by Karen Brune Mathis
At the year’s midpoint, the pace of bankruptcy filings is down 15 percent from last year’s record rate in the U.S. Bankruptcy Court Middle District of Florida.
The annual pace in the district’s Jacksonville division also is down, running 14 percent slower than last year.
Whether that pace continues could depend on what happens with foreclosures, which slowed in the wake of questions about proper signatures on paperwork.
“As many financial institutions emerge from the foreclosure paperwork scandal, I suspect that foreclosure filings will rise to a level more similar to that of the past couple of years,” said Mark Mitchell with the Akerman Senterfitt firm and president of the Jacksonville Bankruptcy Bar Association.
“Based upon this scenario, together with recent data supporting a weaker-than-expected job market, as evidenced by the employment numbers announced last week, I suspect that bankruptcy filings, especially individual and small business filings, will increase,” he said.
The U.S. Labor Department reported that the national unemployment rate was little changed in June at 9.2 percent.
Nina LaFleur of the LaFleur Law Firm in St. Augustine said her practice experienced a slowdown during the spring.
“We attribute that to the hiatus of foreclosure filings due to robo-signers and related legal issues,” she said.
“As the banks engage new counsel and implement new procedures, we believe that the foreclosure activity will resume, followed by increased bankruptcy filings,” said LaFleur, a member of the Jacksonville Bankruptcy Bar Association board of directors.
She doesn’t expect a return to last year’s volume, however.
In the Jacksonville division, the average monthly filings are down to 824.5 this year from 953.3 last year and 928.7 in 2009.
The recession’s toll has been clear in the trends.
For the full year, Middle District bankruptcy filings rose from 15,304 in 2006 to 61,690 in 2009 and peaked at 66,618 last year. The pace so far in 2011 is about 56,450.
Bankruptcy attorneys attributed last year’s record rate to effects of the 2007-09 recession and the credit crisis.
Unemployment reached double-digits and consumers and businesses, especially those associated with real estate, faced particularly tough times.
The national recession ended two years ago. The Florida recession didn’t end until early 2010, economists have said.
“The economy will not improve for many years, so we are looking to the eventual increase in filings,” said LaFleur.
She said her firm is making efforts to increase its community presence, including giving presentations to civic and social groups about “Busting Bankruptcy Myths.”
“There is still so much misinformation out there that we have found the audiences to be very receptive to learning the story about bankruptcy and how much relief it can provide,” she said.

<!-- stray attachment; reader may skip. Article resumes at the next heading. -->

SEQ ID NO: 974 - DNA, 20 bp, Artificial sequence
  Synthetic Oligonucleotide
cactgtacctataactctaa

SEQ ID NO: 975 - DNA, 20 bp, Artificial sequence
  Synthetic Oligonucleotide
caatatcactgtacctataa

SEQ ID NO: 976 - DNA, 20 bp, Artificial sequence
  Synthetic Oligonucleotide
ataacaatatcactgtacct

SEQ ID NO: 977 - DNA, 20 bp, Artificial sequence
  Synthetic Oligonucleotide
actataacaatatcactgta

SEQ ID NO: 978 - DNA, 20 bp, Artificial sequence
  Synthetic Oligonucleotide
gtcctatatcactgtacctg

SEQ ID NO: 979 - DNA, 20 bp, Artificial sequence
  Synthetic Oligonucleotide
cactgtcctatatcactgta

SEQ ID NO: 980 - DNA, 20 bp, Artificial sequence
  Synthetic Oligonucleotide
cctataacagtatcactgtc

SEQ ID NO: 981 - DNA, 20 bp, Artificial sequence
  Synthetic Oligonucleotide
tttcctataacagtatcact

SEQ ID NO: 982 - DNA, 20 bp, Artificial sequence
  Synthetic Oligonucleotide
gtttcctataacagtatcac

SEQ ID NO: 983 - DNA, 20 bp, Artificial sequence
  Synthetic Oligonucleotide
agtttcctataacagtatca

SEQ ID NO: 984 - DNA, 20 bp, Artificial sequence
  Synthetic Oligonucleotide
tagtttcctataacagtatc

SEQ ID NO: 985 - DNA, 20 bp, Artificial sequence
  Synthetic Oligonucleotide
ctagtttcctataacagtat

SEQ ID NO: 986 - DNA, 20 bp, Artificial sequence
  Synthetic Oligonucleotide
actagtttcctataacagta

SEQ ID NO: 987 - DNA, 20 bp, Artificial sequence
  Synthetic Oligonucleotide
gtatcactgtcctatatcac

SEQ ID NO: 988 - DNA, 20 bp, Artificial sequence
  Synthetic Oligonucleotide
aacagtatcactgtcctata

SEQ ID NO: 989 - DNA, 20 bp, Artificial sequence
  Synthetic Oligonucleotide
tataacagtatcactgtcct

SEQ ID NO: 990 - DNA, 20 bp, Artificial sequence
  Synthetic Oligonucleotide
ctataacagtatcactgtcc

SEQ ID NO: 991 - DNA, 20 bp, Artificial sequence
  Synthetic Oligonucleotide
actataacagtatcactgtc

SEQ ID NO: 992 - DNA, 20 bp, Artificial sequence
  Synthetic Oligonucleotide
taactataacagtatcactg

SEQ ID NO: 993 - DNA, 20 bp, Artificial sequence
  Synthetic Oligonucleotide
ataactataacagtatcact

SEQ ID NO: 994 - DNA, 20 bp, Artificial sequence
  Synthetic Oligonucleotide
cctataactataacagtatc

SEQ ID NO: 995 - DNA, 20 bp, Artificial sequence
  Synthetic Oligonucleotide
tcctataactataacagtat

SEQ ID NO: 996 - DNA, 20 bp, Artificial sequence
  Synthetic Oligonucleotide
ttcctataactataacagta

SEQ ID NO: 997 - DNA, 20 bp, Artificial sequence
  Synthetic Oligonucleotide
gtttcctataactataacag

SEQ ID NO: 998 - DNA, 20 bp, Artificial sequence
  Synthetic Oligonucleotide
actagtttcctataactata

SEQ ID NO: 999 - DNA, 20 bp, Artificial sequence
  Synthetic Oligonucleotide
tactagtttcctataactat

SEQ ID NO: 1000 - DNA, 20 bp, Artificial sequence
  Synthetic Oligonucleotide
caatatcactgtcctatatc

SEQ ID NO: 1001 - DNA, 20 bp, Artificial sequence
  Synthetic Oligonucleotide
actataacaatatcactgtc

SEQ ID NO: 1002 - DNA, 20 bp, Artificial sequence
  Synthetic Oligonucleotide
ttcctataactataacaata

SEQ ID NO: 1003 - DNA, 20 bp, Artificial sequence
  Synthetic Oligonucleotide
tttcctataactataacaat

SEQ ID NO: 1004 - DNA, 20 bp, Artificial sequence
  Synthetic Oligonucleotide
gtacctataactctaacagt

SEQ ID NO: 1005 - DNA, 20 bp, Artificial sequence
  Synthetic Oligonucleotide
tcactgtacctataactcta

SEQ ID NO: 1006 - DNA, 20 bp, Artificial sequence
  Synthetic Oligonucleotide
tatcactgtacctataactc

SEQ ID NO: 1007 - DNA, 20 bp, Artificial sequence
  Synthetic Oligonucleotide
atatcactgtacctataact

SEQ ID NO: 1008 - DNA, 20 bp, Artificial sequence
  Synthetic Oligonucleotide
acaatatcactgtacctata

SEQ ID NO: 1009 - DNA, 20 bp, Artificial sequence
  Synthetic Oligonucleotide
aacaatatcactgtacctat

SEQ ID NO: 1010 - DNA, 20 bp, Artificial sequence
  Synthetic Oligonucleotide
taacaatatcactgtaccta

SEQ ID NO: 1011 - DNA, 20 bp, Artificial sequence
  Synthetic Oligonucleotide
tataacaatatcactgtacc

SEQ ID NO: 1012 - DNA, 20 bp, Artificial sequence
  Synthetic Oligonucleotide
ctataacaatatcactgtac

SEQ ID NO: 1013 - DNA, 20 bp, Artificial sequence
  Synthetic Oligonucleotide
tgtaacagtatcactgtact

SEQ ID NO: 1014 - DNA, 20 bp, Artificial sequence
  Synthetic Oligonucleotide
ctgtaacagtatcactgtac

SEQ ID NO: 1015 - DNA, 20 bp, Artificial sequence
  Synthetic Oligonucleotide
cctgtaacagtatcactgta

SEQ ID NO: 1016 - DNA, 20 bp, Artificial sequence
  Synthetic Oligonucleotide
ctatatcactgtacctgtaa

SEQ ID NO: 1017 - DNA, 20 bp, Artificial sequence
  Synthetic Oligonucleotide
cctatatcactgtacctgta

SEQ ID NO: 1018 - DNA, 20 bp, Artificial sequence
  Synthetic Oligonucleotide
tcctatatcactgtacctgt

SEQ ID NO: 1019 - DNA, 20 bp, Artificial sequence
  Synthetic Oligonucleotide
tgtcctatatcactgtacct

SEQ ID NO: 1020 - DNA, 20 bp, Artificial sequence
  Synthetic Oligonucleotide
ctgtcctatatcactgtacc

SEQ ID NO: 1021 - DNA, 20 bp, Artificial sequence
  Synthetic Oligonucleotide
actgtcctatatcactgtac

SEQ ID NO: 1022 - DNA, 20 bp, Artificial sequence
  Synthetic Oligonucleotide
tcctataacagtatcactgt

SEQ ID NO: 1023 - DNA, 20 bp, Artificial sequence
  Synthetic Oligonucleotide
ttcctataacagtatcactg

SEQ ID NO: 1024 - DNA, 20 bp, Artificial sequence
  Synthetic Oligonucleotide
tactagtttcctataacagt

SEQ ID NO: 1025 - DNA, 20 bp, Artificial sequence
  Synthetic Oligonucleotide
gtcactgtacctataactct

The Middle District encompasses 35 of the state’s 67 counties and covers the major metropolitan areas of Jacksonville, Orlando, Daytona, Tampa and Fort Myers.
The Jacksonville Division covers 16 North Florida counties.
Filings in the Jacksonville division from January-June fell almost 16 percent from last year to this year, with 927 fewer filings.
At the six-month rate, the division could end the year at just under 10,000 filings, compared with last year’s 11,439.
In the Middle District, filings are down 17.2 percent in the first half of the year. Filings were down by 5,877.
If filings remain at the six-month pace, the Middle District could end the year with about 56,500 bankruptcy petitions, down almost 10,000 from last year.
Among the Middle District filings:
• Chapter 7 liquidations were down 16.4 percent, while continuing to account for 75 percent of all filings. Businesses and individuals use Chapter 7.
• Chapter 11 reorganizations fell almost 29 percent. While dominated by businesses, bankruptcy lawyers say high-wealth individuals are also seeking protection under the chapter.
• Chapter 13 wage-earner reorganizations are down 19.2 percent. The fillings account for 23 percent of all filings.
Chief Bankruptcy Judge Paul Glenn in the Middle District said recently that as the recession began in late 2007, the court saw filings by real-estate related petitioners, such as construction companies, subcontractors, developers and related entities.
Then small businesses began filing, followed by more individuals who are invested in real estate and can no longer carry the debt because they can’t sell the properties or make enough rental income from them.
There recently has been a string of filings by owners of economy hotels.
Jacksonville-June bankruptcy filings
Jacksonville Division, U.S. Bankruptcy Court, Middle District of Florida
Source: U.S. Bankruptcy Court
Chapter 12 – Farmer, fisherman reorganization
Chapter 13 – Individual, wage-earner reorganization
Chapter 15 – Insolvency involving more than one country
Source: US. Bankruptcy Court